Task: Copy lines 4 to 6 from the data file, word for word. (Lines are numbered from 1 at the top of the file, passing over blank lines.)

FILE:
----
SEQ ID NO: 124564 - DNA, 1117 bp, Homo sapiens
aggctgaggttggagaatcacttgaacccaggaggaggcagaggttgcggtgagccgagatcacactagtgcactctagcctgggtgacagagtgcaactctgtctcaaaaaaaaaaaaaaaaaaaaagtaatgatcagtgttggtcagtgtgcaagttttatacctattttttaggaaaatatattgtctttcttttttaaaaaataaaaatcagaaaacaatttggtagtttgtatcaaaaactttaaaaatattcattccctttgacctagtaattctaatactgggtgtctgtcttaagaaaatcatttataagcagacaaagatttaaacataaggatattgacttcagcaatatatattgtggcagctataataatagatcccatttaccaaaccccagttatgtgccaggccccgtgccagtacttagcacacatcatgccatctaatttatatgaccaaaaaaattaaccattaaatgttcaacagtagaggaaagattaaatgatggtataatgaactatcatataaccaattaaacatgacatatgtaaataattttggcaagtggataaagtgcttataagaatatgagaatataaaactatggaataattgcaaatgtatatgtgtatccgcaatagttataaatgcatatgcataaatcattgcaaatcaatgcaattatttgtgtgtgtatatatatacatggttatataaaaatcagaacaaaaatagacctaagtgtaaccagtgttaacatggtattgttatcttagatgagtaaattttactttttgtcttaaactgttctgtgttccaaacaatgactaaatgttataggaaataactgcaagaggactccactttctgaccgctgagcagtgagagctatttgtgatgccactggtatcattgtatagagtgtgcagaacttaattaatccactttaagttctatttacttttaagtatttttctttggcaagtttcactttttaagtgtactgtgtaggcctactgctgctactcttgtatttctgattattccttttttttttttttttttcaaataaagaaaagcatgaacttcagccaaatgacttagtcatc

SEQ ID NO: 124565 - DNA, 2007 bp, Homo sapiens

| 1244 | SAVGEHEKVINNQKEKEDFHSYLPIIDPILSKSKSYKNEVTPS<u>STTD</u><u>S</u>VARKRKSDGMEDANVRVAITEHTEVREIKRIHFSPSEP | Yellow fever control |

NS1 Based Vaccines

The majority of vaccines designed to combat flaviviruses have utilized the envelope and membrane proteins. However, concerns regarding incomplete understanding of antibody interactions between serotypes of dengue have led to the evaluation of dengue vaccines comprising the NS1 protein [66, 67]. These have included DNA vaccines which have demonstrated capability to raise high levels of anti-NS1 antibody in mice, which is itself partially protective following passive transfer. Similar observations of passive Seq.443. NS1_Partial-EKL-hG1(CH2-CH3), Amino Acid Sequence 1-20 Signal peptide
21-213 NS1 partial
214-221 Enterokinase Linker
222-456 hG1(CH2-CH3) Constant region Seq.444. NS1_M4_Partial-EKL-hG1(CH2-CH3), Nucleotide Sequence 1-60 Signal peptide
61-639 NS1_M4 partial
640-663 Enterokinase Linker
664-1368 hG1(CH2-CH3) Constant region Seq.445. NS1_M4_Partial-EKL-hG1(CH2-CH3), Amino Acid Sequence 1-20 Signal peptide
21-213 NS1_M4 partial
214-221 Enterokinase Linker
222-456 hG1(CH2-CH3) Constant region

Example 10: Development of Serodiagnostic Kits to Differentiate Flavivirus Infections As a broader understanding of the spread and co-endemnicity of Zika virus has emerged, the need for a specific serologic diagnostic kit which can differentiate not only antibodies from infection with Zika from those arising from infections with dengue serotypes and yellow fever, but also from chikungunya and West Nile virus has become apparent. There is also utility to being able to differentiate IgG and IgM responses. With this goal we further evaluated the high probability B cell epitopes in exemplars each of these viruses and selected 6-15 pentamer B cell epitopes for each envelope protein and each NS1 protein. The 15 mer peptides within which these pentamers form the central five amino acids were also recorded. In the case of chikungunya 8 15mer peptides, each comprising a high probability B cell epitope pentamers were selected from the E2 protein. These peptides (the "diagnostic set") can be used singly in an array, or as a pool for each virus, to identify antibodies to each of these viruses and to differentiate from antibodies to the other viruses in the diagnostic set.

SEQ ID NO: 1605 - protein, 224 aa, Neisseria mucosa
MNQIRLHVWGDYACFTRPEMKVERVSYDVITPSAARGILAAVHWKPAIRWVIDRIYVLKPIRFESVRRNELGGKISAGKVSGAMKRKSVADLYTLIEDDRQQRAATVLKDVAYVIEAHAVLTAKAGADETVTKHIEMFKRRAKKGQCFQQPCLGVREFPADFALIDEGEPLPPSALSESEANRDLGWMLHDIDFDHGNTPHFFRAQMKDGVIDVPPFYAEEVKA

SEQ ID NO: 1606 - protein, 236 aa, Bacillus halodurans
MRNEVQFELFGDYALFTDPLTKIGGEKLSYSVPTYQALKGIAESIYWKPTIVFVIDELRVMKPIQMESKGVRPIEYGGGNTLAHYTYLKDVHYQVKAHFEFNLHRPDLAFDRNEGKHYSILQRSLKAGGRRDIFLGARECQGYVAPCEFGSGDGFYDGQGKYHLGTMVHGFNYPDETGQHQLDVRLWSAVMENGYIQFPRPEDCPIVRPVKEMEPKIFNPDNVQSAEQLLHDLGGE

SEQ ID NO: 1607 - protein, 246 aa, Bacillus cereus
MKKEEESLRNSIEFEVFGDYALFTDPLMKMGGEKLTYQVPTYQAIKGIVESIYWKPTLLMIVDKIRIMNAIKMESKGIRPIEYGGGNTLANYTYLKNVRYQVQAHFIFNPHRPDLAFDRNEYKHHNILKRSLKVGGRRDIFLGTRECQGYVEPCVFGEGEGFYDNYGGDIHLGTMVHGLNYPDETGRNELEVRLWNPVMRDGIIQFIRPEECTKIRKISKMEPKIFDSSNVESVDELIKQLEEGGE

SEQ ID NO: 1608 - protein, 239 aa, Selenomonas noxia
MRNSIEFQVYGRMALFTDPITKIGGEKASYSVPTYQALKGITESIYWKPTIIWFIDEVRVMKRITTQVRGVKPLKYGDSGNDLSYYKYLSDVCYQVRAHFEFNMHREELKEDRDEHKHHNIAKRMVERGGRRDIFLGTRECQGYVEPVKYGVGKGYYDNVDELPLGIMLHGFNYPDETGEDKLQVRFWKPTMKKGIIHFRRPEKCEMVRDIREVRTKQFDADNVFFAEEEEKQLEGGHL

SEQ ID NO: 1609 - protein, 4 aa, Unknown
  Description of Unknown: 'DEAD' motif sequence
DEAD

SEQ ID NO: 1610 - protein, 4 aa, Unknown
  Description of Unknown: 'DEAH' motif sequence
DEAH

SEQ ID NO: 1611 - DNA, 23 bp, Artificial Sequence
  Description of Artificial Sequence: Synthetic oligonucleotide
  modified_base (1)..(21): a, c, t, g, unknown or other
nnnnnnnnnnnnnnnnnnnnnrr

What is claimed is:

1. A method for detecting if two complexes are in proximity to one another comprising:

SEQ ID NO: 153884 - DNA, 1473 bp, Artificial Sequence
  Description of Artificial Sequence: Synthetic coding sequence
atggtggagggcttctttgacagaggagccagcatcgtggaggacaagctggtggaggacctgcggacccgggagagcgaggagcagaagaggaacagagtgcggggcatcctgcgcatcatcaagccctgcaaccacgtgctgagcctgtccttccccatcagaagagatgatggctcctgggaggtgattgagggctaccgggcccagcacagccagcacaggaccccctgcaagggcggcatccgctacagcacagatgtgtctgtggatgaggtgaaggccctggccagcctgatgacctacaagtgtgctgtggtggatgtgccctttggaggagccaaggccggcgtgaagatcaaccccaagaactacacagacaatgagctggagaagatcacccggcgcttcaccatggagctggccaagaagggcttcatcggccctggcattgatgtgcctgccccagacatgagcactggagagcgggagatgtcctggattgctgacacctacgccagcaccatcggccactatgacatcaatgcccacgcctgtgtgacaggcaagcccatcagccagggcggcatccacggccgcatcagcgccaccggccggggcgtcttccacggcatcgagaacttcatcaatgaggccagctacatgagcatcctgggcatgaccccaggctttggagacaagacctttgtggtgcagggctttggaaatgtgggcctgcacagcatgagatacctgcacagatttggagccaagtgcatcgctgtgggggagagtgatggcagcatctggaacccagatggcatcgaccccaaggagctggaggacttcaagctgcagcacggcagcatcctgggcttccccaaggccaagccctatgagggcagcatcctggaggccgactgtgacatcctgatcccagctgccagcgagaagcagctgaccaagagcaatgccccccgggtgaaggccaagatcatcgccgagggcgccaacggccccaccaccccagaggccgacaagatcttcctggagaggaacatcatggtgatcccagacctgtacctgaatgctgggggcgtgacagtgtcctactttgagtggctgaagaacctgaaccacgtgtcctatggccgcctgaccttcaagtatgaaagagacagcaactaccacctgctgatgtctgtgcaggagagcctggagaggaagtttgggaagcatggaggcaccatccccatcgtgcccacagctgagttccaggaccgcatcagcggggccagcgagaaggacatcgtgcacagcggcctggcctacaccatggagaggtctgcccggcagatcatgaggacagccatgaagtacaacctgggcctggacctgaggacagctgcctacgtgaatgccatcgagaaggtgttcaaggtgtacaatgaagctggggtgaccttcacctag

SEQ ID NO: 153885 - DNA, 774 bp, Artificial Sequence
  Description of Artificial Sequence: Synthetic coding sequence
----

| 1244 | SAVGEHEKVINNQKEKEDFHSYLPIIDPILSKSKSYKNEVTPS<u>STTD</u><u>S</u>VARKRKSDGMEDANVRVAITEHTEVREIKRIHFSPSEP | Yellow fever control |

NS1 Based Vaccines

The majority of vaccines designed to combat flaviviruses have utilized the envelope and membrane proteins. However, concerns regarding incomplete understanding of antibody interactions between serotypes of dengue have led to the evaluation of dengue vaccines comprising the NS1 protein [66, 67]. These have included DNA vaccines which have demonstrated capability to raise high levels of anti-NS1 antibody in mice, which is itself partially protective following passive transfer. Similar observations of passive Seq.443. NS1_Partial-EKL-hG1(CH2-CH3), Amino Acid Sequence 1-20 Signal peptide